Patricia Ostolaza-Diaz v. Countrywide Bank, N.A.

Filing 920100112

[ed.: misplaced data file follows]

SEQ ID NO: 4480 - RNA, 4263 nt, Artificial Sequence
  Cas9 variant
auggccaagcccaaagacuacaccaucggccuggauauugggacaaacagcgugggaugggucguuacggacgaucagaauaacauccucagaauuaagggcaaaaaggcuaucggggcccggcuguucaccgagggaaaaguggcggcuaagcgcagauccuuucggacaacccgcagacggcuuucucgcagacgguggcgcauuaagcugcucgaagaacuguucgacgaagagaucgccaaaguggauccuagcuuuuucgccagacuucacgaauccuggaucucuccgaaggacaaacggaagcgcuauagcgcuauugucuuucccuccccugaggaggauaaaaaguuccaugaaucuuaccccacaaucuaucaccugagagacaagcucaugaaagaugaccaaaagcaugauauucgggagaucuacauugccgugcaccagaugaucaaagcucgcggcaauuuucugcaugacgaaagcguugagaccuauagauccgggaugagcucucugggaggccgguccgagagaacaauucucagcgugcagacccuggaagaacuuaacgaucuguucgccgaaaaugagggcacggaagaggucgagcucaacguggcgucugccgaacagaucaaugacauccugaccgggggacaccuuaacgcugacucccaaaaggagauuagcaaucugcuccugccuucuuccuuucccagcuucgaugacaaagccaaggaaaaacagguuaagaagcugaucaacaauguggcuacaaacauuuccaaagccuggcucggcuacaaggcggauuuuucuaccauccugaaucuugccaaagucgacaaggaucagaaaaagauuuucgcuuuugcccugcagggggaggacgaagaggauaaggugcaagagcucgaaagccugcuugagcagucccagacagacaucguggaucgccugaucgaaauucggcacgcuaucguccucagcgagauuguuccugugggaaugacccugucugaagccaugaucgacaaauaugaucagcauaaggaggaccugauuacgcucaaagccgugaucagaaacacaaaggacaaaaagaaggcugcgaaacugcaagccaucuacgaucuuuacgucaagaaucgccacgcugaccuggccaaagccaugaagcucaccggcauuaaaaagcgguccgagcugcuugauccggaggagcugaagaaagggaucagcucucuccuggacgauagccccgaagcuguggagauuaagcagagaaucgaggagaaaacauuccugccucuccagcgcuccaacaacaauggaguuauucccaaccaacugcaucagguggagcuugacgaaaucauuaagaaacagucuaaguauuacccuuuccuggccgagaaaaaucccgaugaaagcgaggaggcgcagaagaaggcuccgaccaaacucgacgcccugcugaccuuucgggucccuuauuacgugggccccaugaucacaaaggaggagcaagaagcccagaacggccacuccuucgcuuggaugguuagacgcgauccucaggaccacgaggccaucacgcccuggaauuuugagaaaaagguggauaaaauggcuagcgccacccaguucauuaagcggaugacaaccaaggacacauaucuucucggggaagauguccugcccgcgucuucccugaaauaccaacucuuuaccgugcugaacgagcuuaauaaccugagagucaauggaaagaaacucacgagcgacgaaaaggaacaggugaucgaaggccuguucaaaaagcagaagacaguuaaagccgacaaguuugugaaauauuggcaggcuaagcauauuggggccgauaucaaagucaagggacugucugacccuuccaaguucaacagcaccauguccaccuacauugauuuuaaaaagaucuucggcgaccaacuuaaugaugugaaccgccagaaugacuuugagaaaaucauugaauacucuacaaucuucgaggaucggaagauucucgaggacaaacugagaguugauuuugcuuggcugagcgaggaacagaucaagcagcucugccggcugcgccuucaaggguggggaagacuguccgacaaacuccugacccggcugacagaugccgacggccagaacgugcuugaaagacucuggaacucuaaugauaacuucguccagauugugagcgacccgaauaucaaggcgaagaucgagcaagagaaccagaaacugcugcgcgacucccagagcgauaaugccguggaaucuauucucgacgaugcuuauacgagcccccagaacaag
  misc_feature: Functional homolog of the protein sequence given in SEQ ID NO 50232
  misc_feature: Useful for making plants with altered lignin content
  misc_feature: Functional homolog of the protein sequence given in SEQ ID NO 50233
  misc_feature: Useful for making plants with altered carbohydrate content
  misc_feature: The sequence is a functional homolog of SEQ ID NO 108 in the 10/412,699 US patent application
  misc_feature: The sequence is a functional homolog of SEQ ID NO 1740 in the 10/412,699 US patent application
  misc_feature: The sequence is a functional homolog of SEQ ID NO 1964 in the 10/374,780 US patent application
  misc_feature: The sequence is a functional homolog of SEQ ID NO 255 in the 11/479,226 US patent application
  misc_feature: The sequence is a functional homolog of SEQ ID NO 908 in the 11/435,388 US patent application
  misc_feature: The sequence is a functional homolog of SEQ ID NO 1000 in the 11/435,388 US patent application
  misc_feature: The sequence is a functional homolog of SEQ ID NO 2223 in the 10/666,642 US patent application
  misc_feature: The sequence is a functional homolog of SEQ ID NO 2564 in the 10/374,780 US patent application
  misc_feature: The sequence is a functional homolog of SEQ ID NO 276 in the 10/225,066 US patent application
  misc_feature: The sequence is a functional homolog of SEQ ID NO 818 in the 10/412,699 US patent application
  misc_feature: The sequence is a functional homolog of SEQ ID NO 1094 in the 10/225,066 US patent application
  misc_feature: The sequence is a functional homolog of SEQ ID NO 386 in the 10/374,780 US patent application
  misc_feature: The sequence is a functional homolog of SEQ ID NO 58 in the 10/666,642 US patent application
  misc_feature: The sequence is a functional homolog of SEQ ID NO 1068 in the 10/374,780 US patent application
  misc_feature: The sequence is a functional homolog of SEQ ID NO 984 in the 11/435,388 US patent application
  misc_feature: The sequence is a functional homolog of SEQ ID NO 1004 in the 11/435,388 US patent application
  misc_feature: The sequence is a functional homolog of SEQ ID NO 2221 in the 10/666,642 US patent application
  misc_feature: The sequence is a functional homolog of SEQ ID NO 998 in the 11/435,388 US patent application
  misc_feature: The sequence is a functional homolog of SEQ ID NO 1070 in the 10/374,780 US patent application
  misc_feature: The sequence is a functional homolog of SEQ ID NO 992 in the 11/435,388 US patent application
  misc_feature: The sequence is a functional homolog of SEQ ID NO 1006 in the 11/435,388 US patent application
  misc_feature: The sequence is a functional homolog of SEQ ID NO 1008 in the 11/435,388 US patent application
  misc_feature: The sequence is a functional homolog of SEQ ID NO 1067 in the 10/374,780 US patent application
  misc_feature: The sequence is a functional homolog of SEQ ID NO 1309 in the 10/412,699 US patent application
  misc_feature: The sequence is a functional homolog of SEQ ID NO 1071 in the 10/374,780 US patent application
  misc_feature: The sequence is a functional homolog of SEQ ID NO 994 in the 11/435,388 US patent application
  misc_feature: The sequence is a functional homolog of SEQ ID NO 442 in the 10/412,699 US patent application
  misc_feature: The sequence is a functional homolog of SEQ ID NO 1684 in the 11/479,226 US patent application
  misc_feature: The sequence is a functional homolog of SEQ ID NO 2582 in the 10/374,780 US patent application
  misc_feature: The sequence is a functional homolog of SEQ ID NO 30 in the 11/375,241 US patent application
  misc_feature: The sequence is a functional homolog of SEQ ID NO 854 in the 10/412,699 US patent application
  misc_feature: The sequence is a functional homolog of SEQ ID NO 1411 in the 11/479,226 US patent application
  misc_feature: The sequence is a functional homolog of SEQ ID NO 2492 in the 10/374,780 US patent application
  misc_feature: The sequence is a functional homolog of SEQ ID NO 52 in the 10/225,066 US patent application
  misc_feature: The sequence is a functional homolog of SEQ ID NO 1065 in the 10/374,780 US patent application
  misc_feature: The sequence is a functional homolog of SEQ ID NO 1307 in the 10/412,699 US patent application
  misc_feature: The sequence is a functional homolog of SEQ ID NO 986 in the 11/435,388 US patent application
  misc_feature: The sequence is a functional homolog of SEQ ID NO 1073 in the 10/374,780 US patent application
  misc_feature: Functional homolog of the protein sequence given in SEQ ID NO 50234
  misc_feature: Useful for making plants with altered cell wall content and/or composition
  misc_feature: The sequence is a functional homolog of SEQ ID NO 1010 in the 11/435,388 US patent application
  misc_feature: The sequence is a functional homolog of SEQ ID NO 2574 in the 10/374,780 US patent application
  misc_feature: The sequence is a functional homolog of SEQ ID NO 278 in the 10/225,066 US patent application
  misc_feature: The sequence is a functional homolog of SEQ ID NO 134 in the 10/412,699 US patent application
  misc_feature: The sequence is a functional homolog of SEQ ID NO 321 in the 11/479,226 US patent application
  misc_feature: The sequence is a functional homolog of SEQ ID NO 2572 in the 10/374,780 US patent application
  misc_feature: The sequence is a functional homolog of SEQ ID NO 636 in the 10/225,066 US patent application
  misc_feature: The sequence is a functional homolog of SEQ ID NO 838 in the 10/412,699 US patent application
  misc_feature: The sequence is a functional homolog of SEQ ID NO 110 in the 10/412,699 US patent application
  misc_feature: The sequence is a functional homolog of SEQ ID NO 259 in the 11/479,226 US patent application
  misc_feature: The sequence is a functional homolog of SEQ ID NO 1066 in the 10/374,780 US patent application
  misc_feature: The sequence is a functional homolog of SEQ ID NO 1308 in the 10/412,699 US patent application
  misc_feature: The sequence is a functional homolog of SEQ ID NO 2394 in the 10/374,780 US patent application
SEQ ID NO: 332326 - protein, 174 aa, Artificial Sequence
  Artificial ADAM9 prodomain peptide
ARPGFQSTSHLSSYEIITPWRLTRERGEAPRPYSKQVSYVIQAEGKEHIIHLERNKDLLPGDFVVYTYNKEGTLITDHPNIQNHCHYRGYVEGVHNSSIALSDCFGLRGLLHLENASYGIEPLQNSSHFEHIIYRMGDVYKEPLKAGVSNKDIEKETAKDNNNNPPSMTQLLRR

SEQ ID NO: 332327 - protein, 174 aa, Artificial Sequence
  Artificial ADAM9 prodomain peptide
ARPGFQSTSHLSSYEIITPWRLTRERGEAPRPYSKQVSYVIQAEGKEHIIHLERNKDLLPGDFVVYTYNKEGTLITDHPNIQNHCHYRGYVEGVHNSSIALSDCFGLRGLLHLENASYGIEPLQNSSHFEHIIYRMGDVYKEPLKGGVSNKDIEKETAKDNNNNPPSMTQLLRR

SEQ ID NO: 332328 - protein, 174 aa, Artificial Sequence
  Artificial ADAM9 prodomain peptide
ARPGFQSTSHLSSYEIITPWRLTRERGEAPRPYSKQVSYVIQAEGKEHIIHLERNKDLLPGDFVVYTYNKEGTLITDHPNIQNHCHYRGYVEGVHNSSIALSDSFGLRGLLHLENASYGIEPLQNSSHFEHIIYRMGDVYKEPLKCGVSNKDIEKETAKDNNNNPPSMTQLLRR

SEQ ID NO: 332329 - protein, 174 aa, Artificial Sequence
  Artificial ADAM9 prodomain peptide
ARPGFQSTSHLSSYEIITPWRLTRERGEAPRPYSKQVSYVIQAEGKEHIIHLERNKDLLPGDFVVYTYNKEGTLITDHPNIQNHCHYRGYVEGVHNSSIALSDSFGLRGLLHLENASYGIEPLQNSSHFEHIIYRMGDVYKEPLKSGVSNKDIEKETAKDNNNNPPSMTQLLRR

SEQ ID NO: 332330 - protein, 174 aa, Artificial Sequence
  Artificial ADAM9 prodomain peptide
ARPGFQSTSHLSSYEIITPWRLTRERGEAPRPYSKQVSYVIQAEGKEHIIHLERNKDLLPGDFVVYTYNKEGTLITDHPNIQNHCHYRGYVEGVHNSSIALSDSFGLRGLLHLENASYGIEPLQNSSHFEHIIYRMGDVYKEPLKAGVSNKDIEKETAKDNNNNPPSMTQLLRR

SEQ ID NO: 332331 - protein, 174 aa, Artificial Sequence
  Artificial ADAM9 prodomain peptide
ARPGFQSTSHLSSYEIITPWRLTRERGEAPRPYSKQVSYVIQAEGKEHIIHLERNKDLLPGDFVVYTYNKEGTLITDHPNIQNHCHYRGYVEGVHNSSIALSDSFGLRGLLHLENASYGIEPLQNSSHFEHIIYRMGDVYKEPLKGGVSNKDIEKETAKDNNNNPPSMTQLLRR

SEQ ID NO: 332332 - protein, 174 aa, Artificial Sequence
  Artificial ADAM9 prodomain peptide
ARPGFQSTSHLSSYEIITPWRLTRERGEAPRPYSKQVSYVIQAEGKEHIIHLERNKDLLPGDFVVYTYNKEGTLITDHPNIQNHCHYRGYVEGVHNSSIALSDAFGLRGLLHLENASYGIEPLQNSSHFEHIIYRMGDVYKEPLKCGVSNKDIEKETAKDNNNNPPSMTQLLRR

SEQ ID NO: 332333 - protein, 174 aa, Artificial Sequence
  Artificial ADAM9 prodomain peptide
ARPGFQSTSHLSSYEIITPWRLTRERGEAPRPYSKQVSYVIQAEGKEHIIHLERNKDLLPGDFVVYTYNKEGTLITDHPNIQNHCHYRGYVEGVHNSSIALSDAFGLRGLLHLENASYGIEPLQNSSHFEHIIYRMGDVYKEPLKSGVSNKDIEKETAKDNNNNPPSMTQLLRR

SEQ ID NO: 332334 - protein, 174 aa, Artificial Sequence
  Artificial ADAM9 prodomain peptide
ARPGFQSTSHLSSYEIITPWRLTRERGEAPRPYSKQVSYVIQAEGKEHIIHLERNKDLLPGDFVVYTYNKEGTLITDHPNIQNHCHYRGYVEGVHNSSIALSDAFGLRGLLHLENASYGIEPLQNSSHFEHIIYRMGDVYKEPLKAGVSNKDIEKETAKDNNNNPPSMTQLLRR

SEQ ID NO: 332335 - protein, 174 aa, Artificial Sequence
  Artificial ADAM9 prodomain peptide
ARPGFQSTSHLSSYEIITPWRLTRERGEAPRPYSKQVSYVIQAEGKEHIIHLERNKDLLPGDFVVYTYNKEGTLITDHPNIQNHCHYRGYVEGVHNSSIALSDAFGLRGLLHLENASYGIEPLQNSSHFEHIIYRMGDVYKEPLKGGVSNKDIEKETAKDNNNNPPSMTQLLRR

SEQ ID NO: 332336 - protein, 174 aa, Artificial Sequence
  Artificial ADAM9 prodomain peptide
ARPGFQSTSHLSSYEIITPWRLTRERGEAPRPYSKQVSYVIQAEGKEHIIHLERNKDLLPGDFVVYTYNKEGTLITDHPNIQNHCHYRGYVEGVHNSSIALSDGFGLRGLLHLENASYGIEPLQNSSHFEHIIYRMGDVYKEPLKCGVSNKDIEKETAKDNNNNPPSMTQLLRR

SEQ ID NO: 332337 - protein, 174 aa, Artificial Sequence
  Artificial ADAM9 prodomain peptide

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UNPUBLISHED UNITED STATES COURT OF APPEALS FOR THE FOURTH CIRCUIT No. 08-1567 PATRICIA OSTOLAZA-DIAZ; JOSE LUIS DIAZ-GOYES, a/k/a Jose L. Ostolaza, Plaintiffs - Appellants, v. COUNTRYWIDE BANK, N.A.; COUNTRYWIDE HOME LOANS; ALLIED HOME MORTGAGE CAPITAL CORPORATION; ANTHONY FALCONE; SAMUEL I. WHITE, P.C., Trustee, Defendants Appellees, and COLONIAL TITLE COMPANY; KIM TAESONG, Defendants. Appeal from the United States District Court for the Eastern District of Virginia, at Alexandria. Claude M. Hilton, Senior District Judge. (1:08-cv-00078-CMH-JFA) Argued: October 29, 2009 Decided: January 12, 2010 Before NIEMEYER and DUNCAN, Circuit Judges, and Benson E. LEGG, United States District Judge for the District of Maryland, sitting by designation. Affirmed by unpublished opinion. Judge Legg wrote the opinion, in which Judge Niemeyer and Judge Duncan joined. ARGUED: Martin Carroll Conway, PESNER KAWAMOTO CONWAY, PLC, McLean, Virginia, for Appellants. William Paul Childress, III, HUNTON & WILLIAMS, LLP, Richmond, Virginia; Cameron Scott Matheson, LECLAIR RYAN, PC, Richmond, Virginia, for Appellees. ON BRIEF: Harry M. Johnson, III, HUNTON & WILLIAMS, LLP, Richmond, Virginia, for Appellees Countrywide Bank, N.A., and Countrywide Home Loans; Paul D. Anders, Tara L. Elgie, LECLAIR RYAN, PC, Richmond, Virginia, for Appellees Allied Home Mortgage Capital Corporation and Anthony Falcone. Unpublished opinions are not binding precedent in this circuit. 2 LEGG, District Judge: Patricia Ostolaza-Diaz and Jose Luis Diaz-Goyes appeal the district court's dismissal of certain claims arising out of the refinancing of their home. Specifically, they challenge the dismissal of their state-law claims for fraud and intentional infliction of emotional distress. Because we find that Ms. Ostolaza-Diaz and Mr. Diaz-Goyes did not reasonably rely upon Defendants' allegedly false representations, we conclude that they cannot establish a prima facie case for fraud. find no merit in their claim we for intentional the We likewise of infliction emotional distress. Thus, affirm district court's dismissal of the case. I. We view the facts in the light most favorable to plaintiffs, the non-prevailing party below. Patricia Ostolaza- Diaz and Jose Luis Diaz-Goyes ("Appellants") are home owners in Fairfax County, Virginia. Prior to the events giving rise to this case, their home was secured by two mortgage loans and a home equity line of credit provided by Bank of America. In March of 2006, Defendant Anthony Falcone -- an employee of Allied Home Mortgage Capital Corporation -- placed an unsolicited telephone call to Appellants and represented himself as a Bank of America loan officer. During that call, Falcone informed 3 Appellants that he could refinance their mortgages with Bank of America using a new loan product that would allow them to reduce their monthly payments, saving them thousands of dollars over the life of the loan. In reliance on Falcone's representations, Appellants completed and submitted a loan application. They thought that In reality, Loans, Inc. Falcone was a representative of Bank of America. Falcone was representing Countrywide Home Appellants also thought that the refinancing would reduce their monthly mortgage would payment. leave In them reality, with as Falcone knew, the refinancing greatly increased monthly payments that they could not afford. 1 At closing, Appellants the were Truth presented in with all relevant documents, statement. including Lending Act disclosure These documents stated the actual amounts Appellants Nonetheless, would be obligated to pay under their new loan. Appellants executed the loan documents. Because Appellants were unable to afford their mortgage payments, Countrywide eventually initiated a foreclosure action against them. Appellants originally brought suit in the Circuit Court for Fairfax 1 County, Virginia stating claims for: (i) common law Under the terms of the Countrywide loan product, Appellants first monthly mortgage payment was $2,699.17. The subsequent payments were $4,028.67 per month. Appellants' previous mortgage payments had been $2320.00 per month. 4 fraud, (ii) intentional infliction of emotional distress, (iii) violation of the Truth in Lending Act, and (iv) violation of the Real Estate Settlement Procedures Act. Defendants removed the case to the Eastern District of Virginia, where the district court dismissed each of the claims. Appellants now appeal the dismissal of their state-law fraud and intentional infliction of emotional distress claims. II. Appellants' complaint includes claims for both actual and constructive fraud. 2 To establish fraud under Virginia law, a plaintiff must demonstrate: (i) a false representation, (ii) of a material fact, (iii) made intentionally and knowingly, (iv) with an intent to mislead, and (v) reliance by the misled party, (vi) which results in damage to the misled party. Deusen v. Snead, 247 Va. 324 (1994). Failure See Van to plead See reasonable reliance is fatal to a common law fraud claim. Metrocall of Del. v. Cont'l Cellular Corp., 246 Va. 365, 374 (1993). "Constructive fraud differs from actual fraud in that the misrepresentation of material fact is not made with the intent to mislead, but is made innocently or negligently although resulting in damage to the one relying on it." ITT Hartford Group v. Va. Fin. Assocs,. Inc., 258 Va. 193, 204 (1999). 5 2 In this case, Appellants are, as a matter of law, unable to show that they reasonably relied upon Falcone's or any other Defendant's representations. At closing, they were presented with documents that unambiguously spelled out the terms of the loan and contradicted Falcone's oral statements. In Virginia, an individual "may not reasonably rely upon an oral statement when he has in his possession a contrary statement in writing." Foremost Guaranty Corp. v. Meritor Savings Bank, 910 F.2d 118, 126 (4th Cir. 1990); see also, Calhoun v. Exxon Corp., 1995 WL 473981, at * 3 (4th Cir. Aug. 11, 1995) (same). Stated another way, "Plaintiffs cannot be heard to complain when they failed to read the relevant documents." 238, 245 (4th Cir. 2009). Because Appellants were presented with multiple documents, including a Truth in Lending Act disclosure statement, that laid out the true terms of their loan, they cannot now contend that they reasonably the relied upon any false did not oral err representation. when dismissing Johnson v. Washington, 559 F.3d Accordingly, District Court Appellants' fraud claims. III. In claims, addition to contesting argue that the the dismissal district of their fraud in Appellants court erred dismissing their claim for intentional infliction of emotional 6 distress. In Virginia, a plaintiff bringing a claim for intentional infliction of emotional distress must allege facts showing that: (i) the wrongdoer's conduct was intentional or reckless, (ii) the conduct was outrageous and intolerable, (iii) the alleged wrongful conduct and emotional distress are causally connected, Prison and (iv) the distress Va. is severe. (2007). See In Ogunde order v. to Health Servs., 274 55, 65 satisfy the second element, the alleged improper conduct must be "so outrageous in character, and so extreme in degree, as to be regarded as atrocious, and utterly intolerable in a civilized community." Russo v. White, 241 Va. 23, 26 (1991). Here, while Falcone's actions were clearly improper, they fail to satisfy the "outrageousness" requirement. Assuming that Appellants are correct in their allegation that Falcone made "intentional Countrywide and "gave material [them] a false loan representations" they could not and that the afford," actions still do not rise to the level of actionable conduct. See, e.g., Harris v. Kreutzer, 271 Va. 188, 204 (2006) (holding that allegations that a defendant "verbally abused [plaintiff], raised his voice to her, stated she was `putting on a show,' and accused her of being a faker and malingerer" did not equate to the type of outrageous behavior necessary to sustain a claim of intentional infliction of emotional distress). As a result, the 7 District Court did not err when dismissing Appellants' claim for intentional infliction of emotional distress. IV. In sum, we conclude that the district court erred neither in dismissing Appellants' fraud claims nor in dismissing their claim for intentional infliction of emotional distress. We therefore affirm the judgment of the district court. AFFIRMED 8